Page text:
Read more about vitamin D and the Mediterranean diet as tools to avoid Alzheimers:

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NPR Investigates True Cost of Quitting Job To Be Family Caregiver

Many of who have vulnerable loved ones would prefer to provide hands-on care ourselves. For some, that means considering whether to continue with outside employment or quit a job to care for our loved one full-time. In Discovering The True Cost Of At-Home Caregiving, NPR’s series “Family Matters: The Money Squeeze,” the lifetime cost of quitting a paying job to care for a loved one in the home is closely examined.

Given the cost of hiring in-home care or placing an elder in assisted living or a nursing home, the idea of staying at home to care for a loved one can seem cost effective. Sometimes by cutting corners, a family can survive financially for a few years while one spouse stays home to care for an aging parent. Doing so can seem like a humane choice, one that speaks of love and filial responsibility. However, the NPR report forces us to take another look.

Read more about the true cost of quitting your job to be a caregiver:

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Serene Atmosphere Can Relax Care Receiver

Dear Carol: My sister, who I’ll call Mary, is the primary caregiver for our mother. Mom has late stage Alzheimer’s and is in a nursing home near Mary. Mary is understandably stressed by a demanding job, caring for her family and visiting our mom several times a week. I’m concerned because when Mary is around Mom in the nursing home setting, she seems rushed and her voice is sharp. Then Mom gets agitated and distressed. While I never criticize Mary’s approach, I’ve suggested that since Mom gets excellent care at the nursing home Mary should visit less often so she can have more time for herself, but she gets defensive. I visit Mom as often as I can. How can I convince Mary that if she is more rested, she and Mom are both better off? – Allison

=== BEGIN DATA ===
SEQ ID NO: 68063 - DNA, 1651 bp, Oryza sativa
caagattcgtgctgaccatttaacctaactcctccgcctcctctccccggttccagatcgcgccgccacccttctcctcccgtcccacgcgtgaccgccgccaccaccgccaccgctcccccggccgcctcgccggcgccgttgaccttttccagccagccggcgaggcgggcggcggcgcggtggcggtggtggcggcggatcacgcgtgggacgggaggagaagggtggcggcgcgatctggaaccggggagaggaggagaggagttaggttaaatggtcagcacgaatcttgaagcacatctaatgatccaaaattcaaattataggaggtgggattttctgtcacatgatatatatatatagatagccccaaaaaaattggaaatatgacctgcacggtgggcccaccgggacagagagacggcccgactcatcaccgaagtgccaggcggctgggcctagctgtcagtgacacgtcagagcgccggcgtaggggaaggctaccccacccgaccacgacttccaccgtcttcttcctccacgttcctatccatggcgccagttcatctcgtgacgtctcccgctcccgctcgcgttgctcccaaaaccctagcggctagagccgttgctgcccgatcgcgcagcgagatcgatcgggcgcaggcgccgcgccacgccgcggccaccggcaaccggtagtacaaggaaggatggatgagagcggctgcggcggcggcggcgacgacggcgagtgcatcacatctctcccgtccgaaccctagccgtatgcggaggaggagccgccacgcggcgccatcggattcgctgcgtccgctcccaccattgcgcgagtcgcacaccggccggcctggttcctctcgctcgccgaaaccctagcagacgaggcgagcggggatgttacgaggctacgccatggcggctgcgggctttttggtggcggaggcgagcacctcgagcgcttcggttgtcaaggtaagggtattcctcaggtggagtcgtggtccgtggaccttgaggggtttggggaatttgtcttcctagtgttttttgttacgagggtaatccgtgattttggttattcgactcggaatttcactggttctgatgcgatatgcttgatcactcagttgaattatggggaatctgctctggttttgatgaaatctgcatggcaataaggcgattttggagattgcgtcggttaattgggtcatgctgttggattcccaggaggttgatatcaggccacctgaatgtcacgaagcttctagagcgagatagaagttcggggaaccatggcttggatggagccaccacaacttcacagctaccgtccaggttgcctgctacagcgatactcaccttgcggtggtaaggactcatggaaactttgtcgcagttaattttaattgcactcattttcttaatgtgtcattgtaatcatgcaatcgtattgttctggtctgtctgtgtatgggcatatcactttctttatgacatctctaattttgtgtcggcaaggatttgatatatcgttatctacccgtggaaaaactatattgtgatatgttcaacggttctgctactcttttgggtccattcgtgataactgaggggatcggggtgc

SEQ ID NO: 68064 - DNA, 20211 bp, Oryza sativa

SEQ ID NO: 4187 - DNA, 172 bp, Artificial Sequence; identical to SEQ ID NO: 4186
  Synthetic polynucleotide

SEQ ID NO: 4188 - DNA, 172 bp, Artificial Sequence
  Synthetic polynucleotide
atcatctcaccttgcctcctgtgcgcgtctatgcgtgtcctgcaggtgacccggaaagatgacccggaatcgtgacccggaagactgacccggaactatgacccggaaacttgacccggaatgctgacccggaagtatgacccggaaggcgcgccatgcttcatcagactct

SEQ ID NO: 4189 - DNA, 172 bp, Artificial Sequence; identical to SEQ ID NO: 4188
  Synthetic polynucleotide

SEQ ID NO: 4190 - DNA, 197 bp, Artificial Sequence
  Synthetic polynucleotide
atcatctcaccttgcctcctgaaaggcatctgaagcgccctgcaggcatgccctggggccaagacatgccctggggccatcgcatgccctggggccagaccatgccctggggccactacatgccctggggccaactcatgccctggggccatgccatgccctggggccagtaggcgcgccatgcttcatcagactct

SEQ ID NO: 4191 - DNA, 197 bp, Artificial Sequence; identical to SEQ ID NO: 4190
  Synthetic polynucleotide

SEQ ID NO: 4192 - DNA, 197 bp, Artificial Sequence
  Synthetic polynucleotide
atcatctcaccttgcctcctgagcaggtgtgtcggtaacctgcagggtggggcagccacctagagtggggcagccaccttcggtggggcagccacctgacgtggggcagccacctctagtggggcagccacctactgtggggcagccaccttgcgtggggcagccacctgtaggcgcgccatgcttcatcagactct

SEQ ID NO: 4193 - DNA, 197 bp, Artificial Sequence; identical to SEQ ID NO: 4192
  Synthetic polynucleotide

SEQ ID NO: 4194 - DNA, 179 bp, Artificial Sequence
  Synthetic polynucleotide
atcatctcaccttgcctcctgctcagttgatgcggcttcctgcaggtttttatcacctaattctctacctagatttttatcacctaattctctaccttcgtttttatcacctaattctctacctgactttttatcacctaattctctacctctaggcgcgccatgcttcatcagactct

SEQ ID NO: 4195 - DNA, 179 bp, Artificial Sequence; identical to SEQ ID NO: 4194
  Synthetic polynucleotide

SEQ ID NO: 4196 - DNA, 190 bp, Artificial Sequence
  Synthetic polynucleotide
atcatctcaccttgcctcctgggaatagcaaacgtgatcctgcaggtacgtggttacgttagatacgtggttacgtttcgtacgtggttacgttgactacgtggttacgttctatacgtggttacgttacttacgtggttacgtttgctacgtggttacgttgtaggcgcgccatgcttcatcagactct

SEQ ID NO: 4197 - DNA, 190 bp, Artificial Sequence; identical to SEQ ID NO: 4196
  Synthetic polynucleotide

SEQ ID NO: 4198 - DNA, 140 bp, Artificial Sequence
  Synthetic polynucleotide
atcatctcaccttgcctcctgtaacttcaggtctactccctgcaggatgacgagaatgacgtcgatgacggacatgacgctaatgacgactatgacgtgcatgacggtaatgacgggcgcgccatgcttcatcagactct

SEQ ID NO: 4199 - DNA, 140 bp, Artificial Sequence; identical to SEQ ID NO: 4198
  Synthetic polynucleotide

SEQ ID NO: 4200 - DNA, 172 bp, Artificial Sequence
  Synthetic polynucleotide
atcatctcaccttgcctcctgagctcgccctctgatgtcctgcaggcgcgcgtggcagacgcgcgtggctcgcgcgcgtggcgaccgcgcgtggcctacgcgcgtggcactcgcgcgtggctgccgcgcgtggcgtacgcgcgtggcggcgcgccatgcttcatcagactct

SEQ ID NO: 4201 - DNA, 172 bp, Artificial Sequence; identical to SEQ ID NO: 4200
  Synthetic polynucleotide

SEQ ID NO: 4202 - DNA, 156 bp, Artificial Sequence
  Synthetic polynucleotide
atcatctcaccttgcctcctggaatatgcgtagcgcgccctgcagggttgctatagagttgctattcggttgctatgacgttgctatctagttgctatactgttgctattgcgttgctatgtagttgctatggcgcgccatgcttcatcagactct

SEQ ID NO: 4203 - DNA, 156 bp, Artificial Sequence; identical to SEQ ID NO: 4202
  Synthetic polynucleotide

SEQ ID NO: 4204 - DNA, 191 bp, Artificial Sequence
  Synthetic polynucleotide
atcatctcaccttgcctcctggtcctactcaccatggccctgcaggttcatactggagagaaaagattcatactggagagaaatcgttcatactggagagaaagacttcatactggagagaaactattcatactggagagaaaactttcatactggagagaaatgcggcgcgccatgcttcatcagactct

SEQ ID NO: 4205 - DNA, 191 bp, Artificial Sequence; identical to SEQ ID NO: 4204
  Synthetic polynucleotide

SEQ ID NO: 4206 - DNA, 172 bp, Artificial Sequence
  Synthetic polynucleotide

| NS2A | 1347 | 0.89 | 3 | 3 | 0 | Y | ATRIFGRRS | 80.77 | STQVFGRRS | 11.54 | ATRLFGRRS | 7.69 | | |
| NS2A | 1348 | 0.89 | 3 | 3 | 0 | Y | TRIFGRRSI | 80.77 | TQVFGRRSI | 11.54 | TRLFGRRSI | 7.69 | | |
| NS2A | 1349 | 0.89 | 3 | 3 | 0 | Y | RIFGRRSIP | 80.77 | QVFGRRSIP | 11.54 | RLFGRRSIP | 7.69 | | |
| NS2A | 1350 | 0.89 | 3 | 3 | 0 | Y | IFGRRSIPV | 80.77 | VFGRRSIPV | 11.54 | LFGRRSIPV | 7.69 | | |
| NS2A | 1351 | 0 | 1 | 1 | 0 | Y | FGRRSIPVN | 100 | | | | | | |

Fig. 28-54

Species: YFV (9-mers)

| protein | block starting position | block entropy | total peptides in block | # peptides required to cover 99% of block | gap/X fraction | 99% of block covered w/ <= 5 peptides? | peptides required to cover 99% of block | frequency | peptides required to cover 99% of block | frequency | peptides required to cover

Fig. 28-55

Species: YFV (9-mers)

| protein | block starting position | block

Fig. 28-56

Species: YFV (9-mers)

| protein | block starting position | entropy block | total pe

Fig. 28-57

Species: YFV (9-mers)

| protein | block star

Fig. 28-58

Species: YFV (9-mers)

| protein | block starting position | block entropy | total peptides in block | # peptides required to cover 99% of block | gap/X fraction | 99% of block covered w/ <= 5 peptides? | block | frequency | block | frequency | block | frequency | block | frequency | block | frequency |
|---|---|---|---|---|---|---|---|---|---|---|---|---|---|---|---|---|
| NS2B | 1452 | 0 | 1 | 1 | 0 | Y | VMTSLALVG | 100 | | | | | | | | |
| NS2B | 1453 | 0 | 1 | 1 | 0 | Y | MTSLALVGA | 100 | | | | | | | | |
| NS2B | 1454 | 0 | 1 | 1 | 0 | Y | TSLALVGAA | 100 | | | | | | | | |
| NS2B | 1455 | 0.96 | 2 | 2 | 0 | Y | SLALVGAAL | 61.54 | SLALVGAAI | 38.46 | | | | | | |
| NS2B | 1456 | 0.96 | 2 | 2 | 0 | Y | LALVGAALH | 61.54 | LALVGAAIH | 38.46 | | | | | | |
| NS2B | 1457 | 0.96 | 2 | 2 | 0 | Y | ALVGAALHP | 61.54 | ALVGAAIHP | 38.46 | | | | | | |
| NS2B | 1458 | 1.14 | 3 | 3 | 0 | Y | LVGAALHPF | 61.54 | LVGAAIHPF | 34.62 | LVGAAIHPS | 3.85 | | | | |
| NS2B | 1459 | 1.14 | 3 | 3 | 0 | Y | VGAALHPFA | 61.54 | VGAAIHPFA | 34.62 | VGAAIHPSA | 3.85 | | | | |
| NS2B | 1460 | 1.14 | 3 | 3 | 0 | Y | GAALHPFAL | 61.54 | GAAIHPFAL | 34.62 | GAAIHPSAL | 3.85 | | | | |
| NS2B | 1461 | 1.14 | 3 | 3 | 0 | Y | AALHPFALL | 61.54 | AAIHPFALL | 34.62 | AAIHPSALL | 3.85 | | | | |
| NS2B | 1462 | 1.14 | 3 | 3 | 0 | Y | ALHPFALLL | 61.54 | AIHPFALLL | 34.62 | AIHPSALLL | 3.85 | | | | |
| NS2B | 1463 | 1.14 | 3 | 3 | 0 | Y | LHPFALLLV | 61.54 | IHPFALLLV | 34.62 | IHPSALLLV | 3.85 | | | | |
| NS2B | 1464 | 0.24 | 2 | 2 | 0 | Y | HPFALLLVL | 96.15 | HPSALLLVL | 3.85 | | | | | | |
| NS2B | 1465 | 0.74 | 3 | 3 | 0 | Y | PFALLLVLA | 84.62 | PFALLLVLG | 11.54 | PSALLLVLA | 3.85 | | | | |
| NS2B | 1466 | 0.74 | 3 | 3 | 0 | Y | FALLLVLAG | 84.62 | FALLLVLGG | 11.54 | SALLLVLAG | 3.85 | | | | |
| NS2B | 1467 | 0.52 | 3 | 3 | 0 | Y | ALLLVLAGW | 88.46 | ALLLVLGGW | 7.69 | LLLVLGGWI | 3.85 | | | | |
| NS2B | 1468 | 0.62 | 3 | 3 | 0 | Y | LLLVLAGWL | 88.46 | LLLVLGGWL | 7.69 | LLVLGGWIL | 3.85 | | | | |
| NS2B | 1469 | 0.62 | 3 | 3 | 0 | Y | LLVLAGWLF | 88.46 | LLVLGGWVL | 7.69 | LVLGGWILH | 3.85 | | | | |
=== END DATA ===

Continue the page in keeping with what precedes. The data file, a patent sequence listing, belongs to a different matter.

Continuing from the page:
Dear Allison: You seem to genuinely want to help your sister as well as your mom, so I’m assuming as I reply that you realize that your mom may have bad days even with exceptional care. That being said, I agree that a caregiver’s body language and tone of voice can make a big difference to our vulnerable loved ones and that your mom may be picking up on Mary’s stress.

Read more about how body language and atmosphere can help someone with Alzhiemer's: